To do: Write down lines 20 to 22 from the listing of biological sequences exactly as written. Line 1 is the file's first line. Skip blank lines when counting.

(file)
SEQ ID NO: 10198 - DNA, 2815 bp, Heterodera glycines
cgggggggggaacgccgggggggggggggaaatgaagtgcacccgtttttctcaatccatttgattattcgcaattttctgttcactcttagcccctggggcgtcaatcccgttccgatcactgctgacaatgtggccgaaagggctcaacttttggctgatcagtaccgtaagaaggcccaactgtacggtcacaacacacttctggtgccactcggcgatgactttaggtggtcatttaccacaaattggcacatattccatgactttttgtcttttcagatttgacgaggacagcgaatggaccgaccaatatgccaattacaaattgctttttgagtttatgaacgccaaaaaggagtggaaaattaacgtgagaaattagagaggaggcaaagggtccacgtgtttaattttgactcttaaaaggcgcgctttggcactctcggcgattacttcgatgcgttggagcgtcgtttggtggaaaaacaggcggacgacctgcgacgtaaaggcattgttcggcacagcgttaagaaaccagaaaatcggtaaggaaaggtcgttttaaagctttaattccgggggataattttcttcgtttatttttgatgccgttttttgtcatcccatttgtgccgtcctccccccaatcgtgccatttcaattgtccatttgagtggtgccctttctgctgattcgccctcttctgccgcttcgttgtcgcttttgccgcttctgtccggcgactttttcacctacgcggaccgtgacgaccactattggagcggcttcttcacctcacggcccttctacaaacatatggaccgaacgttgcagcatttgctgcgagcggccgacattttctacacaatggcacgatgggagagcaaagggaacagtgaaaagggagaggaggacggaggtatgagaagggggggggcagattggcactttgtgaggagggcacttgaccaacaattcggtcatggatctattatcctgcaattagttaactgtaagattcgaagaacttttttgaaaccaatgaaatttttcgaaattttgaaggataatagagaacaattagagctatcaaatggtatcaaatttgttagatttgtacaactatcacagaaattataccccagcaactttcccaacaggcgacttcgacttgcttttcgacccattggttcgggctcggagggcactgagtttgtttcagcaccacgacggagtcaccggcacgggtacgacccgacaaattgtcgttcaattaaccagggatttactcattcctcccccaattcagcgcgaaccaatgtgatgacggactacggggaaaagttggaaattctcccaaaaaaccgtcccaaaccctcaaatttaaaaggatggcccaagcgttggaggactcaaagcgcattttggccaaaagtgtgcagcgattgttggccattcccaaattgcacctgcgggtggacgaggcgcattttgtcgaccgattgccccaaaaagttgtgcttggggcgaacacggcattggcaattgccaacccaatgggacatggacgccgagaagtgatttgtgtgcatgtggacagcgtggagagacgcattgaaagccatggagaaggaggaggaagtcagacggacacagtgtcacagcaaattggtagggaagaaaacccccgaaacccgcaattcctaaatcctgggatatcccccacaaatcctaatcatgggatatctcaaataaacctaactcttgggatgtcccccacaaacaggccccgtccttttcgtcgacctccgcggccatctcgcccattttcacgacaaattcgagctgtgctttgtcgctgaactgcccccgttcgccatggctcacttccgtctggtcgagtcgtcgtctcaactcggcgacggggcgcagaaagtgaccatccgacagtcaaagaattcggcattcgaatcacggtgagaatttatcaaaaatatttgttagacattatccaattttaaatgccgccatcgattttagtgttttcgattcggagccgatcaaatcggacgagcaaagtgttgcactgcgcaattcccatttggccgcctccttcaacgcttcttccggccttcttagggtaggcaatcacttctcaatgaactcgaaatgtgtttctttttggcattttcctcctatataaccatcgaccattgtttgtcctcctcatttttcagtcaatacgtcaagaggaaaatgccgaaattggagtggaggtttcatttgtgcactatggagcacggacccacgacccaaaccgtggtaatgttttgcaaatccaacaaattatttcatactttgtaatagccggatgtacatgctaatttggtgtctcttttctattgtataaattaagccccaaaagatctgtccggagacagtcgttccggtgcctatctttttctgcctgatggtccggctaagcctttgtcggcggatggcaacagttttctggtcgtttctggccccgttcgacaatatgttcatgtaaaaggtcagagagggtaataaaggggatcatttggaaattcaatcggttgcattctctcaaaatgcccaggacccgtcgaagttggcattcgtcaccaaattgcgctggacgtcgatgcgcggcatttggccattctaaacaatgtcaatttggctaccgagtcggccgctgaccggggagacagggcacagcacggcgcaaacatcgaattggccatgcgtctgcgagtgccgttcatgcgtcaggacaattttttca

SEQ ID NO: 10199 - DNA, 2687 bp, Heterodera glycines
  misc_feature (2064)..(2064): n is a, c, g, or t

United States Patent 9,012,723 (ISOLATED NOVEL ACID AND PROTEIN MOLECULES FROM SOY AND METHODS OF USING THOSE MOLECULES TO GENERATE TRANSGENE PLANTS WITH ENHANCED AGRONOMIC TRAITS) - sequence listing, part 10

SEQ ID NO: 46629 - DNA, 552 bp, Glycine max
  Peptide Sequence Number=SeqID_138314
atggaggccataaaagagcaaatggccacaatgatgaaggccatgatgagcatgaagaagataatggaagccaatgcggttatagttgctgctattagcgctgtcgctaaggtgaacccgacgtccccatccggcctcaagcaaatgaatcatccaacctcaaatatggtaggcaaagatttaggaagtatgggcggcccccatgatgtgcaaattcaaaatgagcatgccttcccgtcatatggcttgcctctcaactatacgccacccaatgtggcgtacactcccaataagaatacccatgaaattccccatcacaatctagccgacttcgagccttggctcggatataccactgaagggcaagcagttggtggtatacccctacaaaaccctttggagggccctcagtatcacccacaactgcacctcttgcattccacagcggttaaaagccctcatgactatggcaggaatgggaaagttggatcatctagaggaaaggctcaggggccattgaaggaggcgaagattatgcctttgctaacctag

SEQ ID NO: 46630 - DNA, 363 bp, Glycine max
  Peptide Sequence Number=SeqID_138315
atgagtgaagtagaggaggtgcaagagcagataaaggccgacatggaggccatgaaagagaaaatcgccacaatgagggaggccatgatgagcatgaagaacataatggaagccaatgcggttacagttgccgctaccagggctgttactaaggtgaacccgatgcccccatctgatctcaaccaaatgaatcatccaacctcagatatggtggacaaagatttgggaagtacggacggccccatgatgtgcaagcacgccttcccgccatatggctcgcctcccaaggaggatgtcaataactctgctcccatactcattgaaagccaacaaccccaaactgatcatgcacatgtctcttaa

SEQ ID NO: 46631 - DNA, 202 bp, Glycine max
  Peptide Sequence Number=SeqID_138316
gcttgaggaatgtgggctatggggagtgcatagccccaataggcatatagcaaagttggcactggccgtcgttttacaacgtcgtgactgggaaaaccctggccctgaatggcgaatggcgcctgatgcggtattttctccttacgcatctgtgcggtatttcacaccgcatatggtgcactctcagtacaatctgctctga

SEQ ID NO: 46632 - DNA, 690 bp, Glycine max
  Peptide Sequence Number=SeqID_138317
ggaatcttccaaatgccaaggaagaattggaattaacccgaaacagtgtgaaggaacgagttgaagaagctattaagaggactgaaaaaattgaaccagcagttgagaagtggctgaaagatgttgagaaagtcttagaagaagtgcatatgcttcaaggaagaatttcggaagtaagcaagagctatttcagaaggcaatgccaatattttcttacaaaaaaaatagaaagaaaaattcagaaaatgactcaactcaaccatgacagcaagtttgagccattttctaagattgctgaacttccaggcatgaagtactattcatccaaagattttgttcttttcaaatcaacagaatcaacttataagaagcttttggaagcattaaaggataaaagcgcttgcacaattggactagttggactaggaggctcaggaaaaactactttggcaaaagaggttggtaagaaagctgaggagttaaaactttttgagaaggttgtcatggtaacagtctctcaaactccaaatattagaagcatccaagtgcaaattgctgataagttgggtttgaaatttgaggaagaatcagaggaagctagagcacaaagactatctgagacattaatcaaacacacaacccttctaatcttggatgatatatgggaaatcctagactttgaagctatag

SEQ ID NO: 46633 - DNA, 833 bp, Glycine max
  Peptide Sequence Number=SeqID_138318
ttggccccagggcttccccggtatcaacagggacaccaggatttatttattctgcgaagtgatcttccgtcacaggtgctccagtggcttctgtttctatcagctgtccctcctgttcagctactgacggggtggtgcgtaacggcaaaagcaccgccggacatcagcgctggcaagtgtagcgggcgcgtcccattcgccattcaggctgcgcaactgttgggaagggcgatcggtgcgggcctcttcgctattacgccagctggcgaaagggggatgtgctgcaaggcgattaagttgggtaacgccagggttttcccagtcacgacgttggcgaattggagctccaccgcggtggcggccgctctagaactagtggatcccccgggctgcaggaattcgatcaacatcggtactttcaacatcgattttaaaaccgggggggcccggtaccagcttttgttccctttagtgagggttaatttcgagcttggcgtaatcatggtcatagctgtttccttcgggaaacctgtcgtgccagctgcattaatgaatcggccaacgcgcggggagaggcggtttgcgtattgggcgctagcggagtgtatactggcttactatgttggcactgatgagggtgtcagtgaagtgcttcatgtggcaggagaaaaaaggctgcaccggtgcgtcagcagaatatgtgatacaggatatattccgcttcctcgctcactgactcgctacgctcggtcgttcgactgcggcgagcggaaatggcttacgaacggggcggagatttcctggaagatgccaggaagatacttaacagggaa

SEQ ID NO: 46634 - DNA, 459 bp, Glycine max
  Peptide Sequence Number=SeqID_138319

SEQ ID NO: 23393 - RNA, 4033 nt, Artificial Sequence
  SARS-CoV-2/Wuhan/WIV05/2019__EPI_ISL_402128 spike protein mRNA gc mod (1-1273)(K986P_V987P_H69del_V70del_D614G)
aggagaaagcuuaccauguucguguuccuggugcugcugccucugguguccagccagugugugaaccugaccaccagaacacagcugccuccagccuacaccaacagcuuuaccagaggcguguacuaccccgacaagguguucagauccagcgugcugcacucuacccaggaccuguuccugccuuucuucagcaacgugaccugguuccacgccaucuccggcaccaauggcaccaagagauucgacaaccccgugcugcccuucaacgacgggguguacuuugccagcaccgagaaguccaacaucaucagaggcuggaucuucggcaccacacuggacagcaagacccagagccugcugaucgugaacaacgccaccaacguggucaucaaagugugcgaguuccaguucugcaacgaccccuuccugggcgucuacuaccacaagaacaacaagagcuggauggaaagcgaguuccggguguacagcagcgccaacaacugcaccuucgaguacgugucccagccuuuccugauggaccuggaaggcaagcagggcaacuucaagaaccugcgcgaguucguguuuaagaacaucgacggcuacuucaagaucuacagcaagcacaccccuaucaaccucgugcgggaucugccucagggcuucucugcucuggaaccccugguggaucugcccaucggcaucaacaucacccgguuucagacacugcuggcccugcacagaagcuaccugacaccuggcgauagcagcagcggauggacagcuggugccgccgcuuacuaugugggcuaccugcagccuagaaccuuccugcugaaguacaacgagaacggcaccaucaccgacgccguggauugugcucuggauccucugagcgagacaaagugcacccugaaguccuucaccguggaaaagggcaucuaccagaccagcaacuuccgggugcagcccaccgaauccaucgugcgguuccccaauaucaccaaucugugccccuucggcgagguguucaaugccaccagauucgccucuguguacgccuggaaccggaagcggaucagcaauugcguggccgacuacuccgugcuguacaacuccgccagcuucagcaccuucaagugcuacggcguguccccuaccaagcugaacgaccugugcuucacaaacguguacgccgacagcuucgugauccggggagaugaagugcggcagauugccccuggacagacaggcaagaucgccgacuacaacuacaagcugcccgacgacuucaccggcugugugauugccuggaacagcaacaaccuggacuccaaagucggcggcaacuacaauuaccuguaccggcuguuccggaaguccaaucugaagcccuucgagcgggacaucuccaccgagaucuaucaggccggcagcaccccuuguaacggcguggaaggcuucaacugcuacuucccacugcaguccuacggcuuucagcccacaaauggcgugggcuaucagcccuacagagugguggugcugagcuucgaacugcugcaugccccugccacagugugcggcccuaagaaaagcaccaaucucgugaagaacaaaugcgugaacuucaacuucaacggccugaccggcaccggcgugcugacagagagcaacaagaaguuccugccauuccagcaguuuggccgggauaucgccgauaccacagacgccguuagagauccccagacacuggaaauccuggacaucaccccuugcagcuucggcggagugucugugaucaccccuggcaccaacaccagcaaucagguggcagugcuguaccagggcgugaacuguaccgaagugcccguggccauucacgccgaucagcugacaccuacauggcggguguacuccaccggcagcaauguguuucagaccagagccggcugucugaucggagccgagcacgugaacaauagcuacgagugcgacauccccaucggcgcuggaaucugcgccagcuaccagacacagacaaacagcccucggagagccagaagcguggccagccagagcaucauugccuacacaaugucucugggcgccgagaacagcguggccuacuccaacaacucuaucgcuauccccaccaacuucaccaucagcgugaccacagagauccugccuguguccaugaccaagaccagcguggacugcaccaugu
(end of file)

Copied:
ttggccccagggcttccccggtatcaacagggacaccaggatttatttattctgcgaagtgatcttccgtcacaggtgctccagtggcttctgtttctatcagctgtccctcctgttcagctactgacggggtggtgcgtaacggcaaaagcaccgccggacatcagcgctggcaagtgtagcgggcgcgtcccattcgccattcaggctgcgcaactgttgggaagggcgatcggtgcgggcctcttcgctattacgccagctggcgaaagggggatgtgctgcaaggcgattaagttgggtaacgccagggttttcccagtcacgacgttggcgaattggagctccaccgcggtggcggccgctctagaactagtggatcccccgggctgcaggaattcgatcaacatcggtactttcaacatcgattttaaaaccgggggggcccggtaccagcttttgttccctttagtgagggttaatttcgagcttggcgtaatcatggtcatagctgtttccttcgggaaacctgtcgtgccagctgcattaatgaatcggccaacgcgcggggagaggcggtttgcgtattgggcgctagcggagtgtatactggcttactatgttggcactgatgagggtgtcagtgaagtgcttcatgtggcaggagaaaaaaggctgcaccggtgcgtcagcagaatatgtgatacaggatatattccgcttcctcgctcactgactcgctacgctcggtcgttcgactgcggcgagcggaaatggcttacgaacggggcggagatttcctggaagatgccaggaagatacttaacagggaa

SEQ ID NO: 46634 - DNA, 459 bp, Glycine max
  Peptide Sequence Number=SeqID_138319